9.      Xie FL*, Wang QL, and Zhang BH (2015) Global microRNA modification in cotton (Gossypium hirsutum L.). Plant           Biotechnology Journal, 13(4): 492-500. doi: 10.1111/pbi.12271.    

10.   Zhang BH (2015) MicroRNA: a new target for improving plant tolerance to abiotic stress. Journal of Experimental Botany, 66 (7): 1749-1761 doi: 10.1093/jxb/ erv013

11.   Trumbo JL, Zhang BH and Stewart CN (2015) Manipulating microRNAs for improved biomass and biofuels from plant feedstocks. Plant Biotechnology Journal, 13(3):337-54. doi: 10.1111/pbi.12319.

12.   Xie FL*, and Zhang BH (2015) MicroRNA evolution and expression analysis in polyploidized cotton genome. Plant Biotechnology Journal, 13(3): 421-434. doi: 10.1111/pbi.12295.

13.   Xie FL*, Jones DC, Wang QL, Sun RR, and Zhang BH (2015) Small RNA sequencing identifies miRNA roles in ovule and fiber development. Plant Biotechnology Journal, 13(3): 355-369. doi: 10.1111/pbi.12296.

14.   Xie FL*, Wang QL, Sun RR*, and Zhang BH (2015) Deep sequencing reveals important roles of microRNAs in response to drought and salinity stress in cotton. Journal of Experimental Botany, 66(3): 789-804. doi: 10.1093/jxb/eru437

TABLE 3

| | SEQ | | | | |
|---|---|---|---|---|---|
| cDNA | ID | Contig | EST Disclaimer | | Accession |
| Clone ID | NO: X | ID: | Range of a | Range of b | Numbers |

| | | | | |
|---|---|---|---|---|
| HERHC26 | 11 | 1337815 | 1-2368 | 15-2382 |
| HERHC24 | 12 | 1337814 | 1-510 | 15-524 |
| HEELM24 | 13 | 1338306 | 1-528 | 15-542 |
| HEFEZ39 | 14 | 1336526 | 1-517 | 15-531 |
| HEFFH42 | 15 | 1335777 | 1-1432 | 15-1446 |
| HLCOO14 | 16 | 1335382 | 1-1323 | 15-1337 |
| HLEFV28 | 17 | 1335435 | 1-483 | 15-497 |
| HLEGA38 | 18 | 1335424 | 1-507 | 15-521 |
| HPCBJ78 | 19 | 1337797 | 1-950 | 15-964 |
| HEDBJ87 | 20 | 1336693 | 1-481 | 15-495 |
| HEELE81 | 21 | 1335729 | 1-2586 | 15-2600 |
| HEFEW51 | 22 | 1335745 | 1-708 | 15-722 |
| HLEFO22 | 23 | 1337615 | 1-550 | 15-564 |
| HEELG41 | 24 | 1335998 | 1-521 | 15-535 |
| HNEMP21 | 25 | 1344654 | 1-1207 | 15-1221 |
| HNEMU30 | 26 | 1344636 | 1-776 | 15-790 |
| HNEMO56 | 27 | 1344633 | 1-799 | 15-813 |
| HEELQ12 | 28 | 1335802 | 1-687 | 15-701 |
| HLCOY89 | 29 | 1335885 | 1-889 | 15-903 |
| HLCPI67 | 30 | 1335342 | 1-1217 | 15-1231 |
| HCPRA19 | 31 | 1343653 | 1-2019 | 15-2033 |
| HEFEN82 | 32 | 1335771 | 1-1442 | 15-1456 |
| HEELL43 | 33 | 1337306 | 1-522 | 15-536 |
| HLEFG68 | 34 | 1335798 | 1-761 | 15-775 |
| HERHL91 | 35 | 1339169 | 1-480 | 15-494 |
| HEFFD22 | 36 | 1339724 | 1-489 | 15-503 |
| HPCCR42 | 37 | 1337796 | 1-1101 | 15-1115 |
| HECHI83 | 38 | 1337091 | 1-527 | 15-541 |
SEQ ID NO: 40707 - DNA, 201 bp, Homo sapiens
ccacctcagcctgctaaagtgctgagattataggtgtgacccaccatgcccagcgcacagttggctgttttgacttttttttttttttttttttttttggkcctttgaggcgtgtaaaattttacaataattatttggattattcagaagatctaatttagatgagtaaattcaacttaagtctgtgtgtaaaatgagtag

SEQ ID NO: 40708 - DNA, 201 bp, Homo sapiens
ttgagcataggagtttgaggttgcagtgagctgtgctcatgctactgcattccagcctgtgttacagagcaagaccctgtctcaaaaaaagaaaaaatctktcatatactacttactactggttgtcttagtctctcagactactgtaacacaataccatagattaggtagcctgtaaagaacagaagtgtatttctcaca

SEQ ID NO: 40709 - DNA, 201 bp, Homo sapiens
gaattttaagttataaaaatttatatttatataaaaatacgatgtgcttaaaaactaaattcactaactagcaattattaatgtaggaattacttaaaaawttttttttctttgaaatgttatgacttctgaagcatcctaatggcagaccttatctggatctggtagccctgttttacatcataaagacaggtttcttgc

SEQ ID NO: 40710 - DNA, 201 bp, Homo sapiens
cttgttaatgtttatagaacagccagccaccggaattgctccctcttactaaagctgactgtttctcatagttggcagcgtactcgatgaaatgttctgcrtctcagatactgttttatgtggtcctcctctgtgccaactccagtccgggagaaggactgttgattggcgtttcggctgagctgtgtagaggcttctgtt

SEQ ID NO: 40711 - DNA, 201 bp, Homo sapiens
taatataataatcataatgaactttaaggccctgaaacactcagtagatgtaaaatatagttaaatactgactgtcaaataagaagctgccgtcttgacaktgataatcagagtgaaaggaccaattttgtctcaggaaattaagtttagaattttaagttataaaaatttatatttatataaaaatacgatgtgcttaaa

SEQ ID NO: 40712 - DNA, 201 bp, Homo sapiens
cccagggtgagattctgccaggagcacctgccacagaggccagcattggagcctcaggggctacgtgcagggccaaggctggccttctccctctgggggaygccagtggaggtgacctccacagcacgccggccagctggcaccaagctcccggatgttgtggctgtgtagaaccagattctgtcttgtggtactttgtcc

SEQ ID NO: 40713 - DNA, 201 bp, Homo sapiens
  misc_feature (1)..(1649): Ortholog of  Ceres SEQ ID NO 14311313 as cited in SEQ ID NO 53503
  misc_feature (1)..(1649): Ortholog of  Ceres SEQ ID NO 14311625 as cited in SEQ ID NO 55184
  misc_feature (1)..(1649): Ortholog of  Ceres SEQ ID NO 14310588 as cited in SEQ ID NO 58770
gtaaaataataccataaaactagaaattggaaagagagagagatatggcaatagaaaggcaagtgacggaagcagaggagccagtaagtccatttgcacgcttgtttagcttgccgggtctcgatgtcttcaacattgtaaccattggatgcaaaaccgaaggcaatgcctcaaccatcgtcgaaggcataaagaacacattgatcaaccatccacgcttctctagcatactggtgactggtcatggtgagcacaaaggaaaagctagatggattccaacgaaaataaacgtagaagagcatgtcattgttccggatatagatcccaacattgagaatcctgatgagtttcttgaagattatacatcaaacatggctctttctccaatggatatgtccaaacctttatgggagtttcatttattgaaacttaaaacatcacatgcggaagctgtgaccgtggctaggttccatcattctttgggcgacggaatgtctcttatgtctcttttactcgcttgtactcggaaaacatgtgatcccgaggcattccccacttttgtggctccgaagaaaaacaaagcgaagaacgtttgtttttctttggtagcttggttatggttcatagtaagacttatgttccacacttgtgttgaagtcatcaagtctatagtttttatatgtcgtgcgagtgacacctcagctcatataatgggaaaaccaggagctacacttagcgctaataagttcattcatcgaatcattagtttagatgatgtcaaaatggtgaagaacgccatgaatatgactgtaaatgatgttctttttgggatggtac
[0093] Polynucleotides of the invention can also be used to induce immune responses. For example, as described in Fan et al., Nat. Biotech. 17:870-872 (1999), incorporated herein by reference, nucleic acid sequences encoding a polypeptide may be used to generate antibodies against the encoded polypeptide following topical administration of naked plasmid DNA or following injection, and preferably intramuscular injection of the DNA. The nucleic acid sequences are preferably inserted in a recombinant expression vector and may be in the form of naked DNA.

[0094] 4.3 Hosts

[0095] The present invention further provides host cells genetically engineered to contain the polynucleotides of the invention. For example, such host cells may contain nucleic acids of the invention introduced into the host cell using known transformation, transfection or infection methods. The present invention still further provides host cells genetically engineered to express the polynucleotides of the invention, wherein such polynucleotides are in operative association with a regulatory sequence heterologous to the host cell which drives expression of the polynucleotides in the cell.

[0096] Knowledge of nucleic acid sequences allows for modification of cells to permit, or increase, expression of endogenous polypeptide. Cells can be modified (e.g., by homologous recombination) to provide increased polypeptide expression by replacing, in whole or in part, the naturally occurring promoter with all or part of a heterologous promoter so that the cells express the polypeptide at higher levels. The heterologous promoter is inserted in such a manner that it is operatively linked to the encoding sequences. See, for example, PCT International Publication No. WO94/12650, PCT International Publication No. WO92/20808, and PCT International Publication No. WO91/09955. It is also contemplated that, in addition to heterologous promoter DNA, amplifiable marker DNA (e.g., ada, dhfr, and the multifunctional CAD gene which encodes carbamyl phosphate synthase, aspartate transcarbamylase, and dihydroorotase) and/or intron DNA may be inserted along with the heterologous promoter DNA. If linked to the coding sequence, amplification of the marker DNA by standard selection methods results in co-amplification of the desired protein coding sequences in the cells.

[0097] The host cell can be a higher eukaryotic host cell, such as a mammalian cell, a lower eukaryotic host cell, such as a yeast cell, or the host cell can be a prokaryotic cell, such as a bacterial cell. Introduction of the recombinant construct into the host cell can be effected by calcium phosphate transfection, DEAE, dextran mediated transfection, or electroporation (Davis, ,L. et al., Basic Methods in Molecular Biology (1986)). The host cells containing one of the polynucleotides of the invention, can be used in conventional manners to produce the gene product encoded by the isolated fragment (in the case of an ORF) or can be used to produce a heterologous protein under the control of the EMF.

15.   Xie FL*, Stewart N, Taki FA*, He QL, Liu HW & Zhang BH (2014) High throughput deep sequencing shows that microRNAs play important roles in switchgrass responses to drought and salinity stress. Plant Biotechnology Journal, 12: 354-366.

 

Selected bioinformatics and computational biology-related publications

16.   Frazier TP, Palmer NA, Xie FL*, Tobias CM, Donze-Reiner TJ, Bombarely A, Childs KL, Shu SQ, Jenkins JW, Schmutz J, Zhang BH, Sarath G and Zhao BY (2016) Identification, characterization, and gene expression analysis of nucleotide binding site (NB)-type resistance gene homologues in switchgrass. BMC Genomics, 17:892. DOI: 10.1186/s12864-016-3201-5